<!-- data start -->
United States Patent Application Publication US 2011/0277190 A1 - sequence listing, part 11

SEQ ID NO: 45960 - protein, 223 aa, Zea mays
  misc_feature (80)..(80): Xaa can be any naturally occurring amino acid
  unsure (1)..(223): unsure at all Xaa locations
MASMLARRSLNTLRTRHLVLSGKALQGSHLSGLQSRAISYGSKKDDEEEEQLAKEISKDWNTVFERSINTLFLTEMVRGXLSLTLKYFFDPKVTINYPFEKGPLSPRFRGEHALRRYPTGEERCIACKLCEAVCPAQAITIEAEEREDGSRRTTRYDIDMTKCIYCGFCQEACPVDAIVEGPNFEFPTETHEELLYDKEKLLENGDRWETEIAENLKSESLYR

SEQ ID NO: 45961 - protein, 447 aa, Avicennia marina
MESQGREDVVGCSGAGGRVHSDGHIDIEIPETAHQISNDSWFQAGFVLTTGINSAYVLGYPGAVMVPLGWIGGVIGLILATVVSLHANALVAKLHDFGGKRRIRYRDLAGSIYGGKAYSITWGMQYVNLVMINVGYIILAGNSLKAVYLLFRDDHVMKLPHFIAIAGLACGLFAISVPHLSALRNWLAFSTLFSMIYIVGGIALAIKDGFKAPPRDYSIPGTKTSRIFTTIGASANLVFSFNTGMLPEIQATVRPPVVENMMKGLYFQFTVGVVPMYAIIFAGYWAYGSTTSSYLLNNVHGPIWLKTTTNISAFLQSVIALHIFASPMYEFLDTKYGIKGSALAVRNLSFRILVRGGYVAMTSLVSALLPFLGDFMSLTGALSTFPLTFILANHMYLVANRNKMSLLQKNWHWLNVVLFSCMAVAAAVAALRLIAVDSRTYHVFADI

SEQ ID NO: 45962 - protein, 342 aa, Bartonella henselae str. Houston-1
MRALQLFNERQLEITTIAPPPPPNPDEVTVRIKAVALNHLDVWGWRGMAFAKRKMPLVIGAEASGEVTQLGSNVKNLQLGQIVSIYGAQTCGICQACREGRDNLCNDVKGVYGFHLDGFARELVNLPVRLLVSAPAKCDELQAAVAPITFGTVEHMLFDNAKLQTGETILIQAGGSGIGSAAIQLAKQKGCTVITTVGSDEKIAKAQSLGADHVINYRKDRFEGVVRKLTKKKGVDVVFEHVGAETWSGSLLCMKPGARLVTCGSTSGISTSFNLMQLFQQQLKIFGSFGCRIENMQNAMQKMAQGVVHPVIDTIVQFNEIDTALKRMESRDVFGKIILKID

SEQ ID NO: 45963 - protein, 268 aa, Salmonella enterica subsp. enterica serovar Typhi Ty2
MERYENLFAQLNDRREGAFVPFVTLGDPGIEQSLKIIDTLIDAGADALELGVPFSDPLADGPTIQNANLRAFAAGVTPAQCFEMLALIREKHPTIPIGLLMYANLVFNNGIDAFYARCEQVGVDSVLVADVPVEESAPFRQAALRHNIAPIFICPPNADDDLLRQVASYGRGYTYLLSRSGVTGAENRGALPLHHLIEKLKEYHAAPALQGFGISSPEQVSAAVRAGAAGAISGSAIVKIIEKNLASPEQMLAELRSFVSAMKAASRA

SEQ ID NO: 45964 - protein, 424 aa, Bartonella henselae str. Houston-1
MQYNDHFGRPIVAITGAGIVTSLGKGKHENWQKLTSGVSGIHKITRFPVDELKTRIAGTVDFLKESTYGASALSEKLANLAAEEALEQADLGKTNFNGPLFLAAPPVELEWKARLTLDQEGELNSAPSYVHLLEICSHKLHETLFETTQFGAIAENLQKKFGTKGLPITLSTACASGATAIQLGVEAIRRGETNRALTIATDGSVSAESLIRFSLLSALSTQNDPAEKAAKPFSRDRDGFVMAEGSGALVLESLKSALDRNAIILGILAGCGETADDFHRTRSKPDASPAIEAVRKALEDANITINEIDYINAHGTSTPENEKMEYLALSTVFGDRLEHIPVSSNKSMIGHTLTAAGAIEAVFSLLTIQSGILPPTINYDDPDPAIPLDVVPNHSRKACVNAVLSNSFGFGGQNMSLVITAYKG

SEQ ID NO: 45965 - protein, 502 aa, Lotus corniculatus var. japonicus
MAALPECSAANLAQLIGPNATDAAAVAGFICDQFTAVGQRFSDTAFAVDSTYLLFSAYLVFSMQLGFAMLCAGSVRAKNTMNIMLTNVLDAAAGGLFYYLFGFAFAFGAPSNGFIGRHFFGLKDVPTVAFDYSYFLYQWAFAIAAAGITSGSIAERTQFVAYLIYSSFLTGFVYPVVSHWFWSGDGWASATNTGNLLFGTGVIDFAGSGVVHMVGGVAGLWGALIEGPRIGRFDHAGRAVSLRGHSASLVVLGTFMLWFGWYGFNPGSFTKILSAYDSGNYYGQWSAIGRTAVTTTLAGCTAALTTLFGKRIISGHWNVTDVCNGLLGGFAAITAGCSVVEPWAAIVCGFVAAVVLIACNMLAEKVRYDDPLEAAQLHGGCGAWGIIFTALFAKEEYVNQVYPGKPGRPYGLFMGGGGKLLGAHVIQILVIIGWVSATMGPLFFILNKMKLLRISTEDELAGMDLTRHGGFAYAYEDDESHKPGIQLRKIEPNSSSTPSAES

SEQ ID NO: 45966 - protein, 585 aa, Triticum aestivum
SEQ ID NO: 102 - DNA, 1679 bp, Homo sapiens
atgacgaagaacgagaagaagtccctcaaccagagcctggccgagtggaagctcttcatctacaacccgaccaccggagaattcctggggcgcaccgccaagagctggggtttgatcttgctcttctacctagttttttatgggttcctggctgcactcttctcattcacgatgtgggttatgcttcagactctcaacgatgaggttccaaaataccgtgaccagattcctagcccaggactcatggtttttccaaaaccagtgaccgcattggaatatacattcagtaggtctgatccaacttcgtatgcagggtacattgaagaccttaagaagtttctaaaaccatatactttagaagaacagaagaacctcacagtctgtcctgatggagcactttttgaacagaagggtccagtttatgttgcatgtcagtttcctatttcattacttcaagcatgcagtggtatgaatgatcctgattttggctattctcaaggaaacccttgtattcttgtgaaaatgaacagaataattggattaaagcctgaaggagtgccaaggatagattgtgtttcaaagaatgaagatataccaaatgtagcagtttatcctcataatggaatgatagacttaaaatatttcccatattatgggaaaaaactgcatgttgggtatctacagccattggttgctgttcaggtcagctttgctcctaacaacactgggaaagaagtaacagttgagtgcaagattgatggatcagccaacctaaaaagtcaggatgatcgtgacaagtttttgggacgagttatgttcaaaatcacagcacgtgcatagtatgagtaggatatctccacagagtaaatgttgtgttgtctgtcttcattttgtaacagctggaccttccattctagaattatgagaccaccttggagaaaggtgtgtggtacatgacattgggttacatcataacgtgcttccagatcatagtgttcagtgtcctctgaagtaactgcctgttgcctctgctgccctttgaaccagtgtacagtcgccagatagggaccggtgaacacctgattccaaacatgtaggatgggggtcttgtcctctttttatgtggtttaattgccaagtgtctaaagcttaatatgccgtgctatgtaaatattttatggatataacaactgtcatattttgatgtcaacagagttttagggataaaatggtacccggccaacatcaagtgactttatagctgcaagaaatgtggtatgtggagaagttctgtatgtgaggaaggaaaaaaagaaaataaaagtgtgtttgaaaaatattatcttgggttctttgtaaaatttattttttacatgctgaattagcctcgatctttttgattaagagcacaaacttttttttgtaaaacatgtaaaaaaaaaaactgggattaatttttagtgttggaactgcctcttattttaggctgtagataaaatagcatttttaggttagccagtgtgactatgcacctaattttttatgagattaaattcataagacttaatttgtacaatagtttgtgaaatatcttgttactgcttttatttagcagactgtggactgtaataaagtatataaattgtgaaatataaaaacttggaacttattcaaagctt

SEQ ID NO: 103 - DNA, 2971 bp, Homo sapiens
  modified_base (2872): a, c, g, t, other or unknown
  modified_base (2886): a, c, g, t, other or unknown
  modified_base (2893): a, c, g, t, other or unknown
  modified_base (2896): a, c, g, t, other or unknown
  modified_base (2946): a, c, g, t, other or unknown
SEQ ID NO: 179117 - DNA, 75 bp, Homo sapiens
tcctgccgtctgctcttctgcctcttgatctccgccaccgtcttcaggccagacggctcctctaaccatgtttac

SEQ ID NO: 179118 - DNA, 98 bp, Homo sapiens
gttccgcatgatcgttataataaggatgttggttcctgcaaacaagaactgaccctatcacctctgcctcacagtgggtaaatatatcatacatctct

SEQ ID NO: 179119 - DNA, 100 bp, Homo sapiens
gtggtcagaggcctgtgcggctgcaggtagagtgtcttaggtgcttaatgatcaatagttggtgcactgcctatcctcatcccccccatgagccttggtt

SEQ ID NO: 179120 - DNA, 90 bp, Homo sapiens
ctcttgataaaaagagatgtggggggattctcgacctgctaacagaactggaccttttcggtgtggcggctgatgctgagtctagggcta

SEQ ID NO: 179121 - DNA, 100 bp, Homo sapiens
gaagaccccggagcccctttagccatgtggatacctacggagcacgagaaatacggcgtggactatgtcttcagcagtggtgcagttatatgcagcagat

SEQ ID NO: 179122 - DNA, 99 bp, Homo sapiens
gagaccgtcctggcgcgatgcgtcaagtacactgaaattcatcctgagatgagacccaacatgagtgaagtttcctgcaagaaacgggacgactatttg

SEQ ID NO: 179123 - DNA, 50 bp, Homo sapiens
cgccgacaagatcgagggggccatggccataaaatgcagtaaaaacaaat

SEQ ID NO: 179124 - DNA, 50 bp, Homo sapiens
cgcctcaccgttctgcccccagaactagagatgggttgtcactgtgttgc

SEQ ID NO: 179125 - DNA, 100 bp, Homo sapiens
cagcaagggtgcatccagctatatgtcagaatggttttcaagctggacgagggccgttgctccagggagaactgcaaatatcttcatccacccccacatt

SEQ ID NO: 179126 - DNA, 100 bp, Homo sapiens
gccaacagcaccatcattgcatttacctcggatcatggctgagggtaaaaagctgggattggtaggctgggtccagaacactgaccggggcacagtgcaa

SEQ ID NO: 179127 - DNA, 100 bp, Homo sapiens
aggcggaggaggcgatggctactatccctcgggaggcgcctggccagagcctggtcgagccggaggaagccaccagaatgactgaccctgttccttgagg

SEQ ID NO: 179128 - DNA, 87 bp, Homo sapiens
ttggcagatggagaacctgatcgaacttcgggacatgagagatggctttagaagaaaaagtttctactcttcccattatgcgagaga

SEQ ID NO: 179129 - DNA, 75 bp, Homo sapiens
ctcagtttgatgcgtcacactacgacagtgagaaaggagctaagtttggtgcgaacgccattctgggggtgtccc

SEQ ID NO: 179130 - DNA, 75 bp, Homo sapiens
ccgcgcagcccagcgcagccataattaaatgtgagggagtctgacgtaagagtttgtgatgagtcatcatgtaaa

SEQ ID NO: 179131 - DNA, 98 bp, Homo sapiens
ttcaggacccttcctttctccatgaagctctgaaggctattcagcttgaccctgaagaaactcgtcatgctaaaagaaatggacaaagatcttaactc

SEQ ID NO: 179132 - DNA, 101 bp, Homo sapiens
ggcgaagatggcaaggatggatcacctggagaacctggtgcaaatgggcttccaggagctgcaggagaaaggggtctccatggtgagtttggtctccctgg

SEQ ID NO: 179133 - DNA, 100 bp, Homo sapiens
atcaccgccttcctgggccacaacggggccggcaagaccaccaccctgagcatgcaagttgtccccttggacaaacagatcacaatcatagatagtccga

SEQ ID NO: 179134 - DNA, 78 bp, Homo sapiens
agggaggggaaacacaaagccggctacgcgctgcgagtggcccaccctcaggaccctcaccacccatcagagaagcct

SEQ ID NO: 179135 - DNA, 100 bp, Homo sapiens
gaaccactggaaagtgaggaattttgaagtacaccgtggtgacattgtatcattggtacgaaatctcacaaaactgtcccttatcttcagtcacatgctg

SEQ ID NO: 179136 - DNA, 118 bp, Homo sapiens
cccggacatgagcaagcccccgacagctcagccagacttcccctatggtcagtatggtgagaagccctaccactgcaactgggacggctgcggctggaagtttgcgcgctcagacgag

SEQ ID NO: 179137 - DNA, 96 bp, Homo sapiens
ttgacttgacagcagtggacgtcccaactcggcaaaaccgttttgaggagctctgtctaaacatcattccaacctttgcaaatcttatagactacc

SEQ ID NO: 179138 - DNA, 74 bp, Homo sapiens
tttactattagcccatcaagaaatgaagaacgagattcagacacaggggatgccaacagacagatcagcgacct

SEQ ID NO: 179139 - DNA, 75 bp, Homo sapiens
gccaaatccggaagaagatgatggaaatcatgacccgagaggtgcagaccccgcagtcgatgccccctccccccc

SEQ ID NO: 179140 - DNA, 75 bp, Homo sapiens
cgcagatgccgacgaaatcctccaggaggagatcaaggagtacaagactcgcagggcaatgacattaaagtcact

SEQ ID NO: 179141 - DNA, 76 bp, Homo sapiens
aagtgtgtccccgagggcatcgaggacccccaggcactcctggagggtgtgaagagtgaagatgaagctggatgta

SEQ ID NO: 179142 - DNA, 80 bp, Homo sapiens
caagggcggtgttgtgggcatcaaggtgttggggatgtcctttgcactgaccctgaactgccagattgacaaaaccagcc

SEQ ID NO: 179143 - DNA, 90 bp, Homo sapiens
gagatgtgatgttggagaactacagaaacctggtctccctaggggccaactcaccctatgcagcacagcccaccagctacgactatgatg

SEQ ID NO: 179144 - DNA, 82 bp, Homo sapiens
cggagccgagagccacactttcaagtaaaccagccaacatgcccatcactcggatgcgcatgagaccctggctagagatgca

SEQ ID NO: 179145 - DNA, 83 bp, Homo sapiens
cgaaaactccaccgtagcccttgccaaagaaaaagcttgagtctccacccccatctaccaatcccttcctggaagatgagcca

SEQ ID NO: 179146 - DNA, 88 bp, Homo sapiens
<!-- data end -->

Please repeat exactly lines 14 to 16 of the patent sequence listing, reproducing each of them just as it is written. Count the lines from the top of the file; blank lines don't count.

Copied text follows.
SEQ ID NO: 45965 - protein, 502 aa, Lotus corniculatus var. japonicus
MAALPECSAANLAQLIGPNATDAAAVAGFICDQFTAVGQRFSDTAFAVDSTYLLFSAYLVFSMQLGFAMLCAGSVRAKNTMNIMLTNVLDAAAGGLFYYLFGFAFAFGAPSNGFIGRHFFGLKDVPTVAFDYSYFLYQWAFAIAAAGITSGSIAERTQFVAYLIYSSFLTGFVYPVVSHWFWSGDGWASATNTGNLLFGTGVIDFAGSGVVHMVGGVAGLWGALIEGPRIGRFDHAGRAVSLRGHSASLVVLGTFMLWFGWYGFNPGSFTKILSAYDSGNYYGQWSAIGRTAVTTTLAGCTAALTTLFGKRIISGHWNVTDVCNGLLGGFAAITAGCSVVEPWAAIVCGFVAAVVLIACNMLAEKVRYDDPLEAAQLHGGCGAWGIIFTALFAKEEYVNQVYPGKPGRPYGLFMGGGGKLLGAHVIQILVIIGWVSATMGPLFFILNKMKLLRISTEDELAGMDLTRHGGFAYAYEDDESHKPGIQLRKIEPNSSSTPSAES

SEQ ID NO: 45966 - protein, 585 aa, Triticum aestivum